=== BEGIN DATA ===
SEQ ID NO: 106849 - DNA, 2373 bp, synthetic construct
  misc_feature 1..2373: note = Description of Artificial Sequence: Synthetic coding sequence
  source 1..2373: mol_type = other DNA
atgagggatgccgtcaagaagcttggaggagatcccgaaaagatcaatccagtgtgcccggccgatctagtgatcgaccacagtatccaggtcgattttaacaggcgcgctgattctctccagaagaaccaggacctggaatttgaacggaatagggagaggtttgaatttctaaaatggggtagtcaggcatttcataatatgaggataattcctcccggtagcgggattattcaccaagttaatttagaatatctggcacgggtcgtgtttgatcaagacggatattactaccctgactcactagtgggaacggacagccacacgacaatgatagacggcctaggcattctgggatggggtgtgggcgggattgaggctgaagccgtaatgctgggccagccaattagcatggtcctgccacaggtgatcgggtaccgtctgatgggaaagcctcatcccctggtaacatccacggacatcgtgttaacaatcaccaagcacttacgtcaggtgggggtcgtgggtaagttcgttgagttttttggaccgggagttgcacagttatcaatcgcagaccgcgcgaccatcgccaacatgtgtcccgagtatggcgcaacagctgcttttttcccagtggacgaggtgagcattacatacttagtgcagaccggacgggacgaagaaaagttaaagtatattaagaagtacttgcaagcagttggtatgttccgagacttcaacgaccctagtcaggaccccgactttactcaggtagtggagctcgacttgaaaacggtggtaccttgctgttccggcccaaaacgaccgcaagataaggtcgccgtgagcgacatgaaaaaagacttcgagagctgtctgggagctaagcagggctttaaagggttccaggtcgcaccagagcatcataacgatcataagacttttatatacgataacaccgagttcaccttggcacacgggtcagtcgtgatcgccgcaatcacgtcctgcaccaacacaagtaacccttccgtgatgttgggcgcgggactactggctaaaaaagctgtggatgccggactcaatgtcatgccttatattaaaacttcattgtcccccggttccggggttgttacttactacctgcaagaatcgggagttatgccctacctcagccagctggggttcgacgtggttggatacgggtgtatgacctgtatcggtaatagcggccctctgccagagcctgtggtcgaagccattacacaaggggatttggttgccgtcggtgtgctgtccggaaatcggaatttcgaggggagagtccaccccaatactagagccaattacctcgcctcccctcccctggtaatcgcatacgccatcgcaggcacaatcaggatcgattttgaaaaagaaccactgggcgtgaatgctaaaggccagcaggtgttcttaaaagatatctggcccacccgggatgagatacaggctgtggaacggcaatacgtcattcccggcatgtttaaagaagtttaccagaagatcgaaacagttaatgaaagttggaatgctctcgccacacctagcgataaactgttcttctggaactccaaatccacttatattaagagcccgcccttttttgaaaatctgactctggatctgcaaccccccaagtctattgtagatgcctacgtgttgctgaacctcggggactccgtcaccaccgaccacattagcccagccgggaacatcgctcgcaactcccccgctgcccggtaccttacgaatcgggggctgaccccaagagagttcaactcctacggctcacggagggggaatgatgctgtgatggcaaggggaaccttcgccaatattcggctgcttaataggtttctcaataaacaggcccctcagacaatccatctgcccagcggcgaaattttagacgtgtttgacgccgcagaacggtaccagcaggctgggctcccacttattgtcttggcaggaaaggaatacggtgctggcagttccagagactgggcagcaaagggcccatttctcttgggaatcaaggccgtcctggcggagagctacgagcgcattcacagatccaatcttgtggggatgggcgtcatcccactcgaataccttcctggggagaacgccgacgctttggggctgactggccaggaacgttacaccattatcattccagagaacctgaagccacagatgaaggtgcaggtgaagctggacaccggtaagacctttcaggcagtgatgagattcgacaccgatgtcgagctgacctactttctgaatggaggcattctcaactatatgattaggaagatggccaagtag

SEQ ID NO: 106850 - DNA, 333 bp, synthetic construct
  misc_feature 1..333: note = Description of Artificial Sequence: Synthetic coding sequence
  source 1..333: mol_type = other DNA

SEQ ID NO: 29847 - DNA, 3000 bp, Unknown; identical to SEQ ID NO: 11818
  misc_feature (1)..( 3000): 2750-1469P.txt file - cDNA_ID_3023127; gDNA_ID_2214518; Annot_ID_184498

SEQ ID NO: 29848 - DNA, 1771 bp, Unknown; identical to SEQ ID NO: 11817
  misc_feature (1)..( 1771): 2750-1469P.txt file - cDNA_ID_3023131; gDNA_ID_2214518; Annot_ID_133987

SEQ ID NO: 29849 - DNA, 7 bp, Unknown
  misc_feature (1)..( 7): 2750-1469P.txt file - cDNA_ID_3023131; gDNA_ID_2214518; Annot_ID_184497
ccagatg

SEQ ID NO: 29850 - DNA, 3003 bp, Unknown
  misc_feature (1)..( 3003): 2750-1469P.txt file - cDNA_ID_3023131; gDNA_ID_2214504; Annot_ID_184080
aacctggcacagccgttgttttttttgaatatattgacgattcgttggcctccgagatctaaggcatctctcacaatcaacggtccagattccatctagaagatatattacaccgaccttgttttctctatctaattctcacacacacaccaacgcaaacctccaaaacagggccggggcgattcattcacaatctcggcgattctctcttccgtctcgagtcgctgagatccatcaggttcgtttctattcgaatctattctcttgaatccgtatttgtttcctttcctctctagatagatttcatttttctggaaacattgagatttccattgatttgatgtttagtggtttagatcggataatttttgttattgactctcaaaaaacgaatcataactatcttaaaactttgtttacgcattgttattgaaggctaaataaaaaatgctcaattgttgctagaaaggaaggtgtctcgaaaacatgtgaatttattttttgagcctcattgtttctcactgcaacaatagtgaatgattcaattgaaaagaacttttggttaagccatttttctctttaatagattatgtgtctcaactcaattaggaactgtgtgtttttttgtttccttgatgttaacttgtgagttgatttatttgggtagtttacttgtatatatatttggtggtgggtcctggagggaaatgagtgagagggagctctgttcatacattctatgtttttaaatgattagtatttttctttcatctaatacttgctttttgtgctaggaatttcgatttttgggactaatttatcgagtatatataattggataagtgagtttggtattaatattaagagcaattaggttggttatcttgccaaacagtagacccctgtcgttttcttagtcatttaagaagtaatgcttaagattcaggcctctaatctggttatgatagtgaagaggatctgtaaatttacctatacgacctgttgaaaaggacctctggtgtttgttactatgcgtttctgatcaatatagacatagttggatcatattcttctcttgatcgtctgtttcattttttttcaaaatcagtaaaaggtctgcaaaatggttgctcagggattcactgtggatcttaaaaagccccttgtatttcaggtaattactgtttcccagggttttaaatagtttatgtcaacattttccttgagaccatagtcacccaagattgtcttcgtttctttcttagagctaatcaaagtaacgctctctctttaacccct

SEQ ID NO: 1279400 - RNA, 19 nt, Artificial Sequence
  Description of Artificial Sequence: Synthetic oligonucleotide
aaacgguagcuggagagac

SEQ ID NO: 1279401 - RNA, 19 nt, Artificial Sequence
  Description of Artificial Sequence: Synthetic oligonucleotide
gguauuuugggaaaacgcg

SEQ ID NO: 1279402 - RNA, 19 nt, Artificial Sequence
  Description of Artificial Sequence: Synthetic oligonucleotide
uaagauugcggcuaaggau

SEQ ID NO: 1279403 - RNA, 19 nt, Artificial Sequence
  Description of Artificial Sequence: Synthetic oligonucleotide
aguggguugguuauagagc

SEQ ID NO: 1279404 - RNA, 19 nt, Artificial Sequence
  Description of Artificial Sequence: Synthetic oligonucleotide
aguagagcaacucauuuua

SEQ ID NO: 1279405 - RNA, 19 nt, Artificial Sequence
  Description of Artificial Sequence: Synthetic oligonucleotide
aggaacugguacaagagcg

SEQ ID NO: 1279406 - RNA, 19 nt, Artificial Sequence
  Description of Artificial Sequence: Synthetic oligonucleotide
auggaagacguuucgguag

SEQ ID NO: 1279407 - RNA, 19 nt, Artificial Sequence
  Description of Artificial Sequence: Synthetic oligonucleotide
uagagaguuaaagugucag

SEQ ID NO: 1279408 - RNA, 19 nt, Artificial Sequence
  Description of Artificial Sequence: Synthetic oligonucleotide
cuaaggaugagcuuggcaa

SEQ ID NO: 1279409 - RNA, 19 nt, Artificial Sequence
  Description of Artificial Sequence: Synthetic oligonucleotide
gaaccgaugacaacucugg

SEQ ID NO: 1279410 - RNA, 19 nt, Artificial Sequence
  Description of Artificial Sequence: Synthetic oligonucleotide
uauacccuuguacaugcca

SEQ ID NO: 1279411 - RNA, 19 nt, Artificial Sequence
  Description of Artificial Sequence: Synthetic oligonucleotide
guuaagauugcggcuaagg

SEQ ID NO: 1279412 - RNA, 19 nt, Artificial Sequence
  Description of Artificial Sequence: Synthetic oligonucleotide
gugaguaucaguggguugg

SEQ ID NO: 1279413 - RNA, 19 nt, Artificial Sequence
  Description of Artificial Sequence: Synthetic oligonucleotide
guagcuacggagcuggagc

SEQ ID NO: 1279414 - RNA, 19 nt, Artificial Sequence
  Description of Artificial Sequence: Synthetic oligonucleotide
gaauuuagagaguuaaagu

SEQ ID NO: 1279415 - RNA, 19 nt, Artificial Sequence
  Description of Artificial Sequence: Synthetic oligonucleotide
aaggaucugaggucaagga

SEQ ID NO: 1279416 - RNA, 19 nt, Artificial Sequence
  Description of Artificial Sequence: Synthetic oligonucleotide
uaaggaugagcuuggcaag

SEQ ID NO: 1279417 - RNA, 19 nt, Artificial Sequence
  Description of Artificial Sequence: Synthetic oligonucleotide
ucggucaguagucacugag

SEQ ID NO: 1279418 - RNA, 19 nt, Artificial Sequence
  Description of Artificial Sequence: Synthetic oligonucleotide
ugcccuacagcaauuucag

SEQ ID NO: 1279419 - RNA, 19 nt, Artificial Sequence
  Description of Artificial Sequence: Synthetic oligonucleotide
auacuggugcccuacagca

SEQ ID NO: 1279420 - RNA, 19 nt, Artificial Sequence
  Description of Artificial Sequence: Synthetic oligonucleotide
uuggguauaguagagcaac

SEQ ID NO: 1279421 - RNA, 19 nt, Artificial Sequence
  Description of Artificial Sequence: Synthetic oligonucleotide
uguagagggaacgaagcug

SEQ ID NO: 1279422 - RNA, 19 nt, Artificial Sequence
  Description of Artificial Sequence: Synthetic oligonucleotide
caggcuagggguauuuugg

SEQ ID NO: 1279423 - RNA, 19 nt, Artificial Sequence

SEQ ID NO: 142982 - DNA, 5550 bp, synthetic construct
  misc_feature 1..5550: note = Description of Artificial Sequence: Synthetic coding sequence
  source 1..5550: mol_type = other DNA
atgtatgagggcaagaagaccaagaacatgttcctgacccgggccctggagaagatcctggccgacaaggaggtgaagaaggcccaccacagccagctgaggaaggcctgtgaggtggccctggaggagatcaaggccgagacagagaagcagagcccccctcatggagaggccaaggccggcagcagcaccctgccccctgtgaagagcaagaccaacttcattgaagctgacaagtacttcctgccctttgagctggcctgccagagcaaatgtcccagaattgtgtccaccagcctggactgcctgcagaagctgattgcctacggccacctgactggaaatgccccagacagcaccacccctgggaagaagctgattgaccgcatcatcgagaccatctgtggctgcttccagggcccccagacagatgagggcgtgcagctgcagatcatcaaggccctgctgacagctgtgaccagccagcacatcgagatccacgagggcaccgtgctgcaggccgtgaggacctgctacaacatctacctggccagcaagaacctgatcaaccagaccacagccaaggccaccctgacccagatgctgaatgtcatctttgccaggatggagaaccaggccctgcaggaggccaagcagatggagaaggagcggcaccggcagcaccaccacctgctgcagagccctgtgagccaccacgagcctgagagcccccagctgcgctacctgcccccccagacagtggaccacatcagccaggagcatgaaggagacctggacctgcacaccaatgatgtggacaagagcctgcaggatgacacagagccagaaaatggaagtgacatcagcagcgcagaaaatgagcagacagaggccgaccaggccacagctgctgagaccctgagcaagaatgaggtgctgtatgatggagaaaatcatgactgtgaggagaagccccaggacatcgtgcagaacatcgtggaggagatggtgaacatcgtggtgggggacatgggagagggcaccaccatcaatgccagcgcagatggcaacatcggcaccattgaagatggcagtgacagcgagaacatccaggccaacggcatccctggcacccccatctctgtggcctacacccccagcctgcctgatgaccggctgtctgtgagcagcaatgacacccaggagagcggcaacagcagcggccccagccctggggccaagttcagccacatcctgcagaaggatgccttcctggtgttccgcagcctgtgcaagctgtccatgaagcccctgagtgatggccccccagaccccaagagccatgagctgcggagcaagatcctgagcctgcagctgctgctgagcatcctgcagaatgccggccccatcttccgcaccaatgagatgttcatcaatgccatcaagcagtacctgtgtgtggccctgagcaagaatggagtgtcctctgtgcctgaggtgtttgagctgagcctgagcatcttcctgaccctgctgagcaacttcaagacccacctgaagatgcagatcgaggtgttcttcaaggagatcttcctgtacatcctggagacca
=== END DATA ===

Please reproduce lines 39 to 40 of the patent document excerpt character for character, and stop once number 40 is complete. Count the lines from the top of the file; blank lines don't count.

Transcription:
SEQ ID NO: 1279407 - RNA, 19 nt, Artificial Sequence
  Description of Artificial Sequence: Synthetic oligonucleotide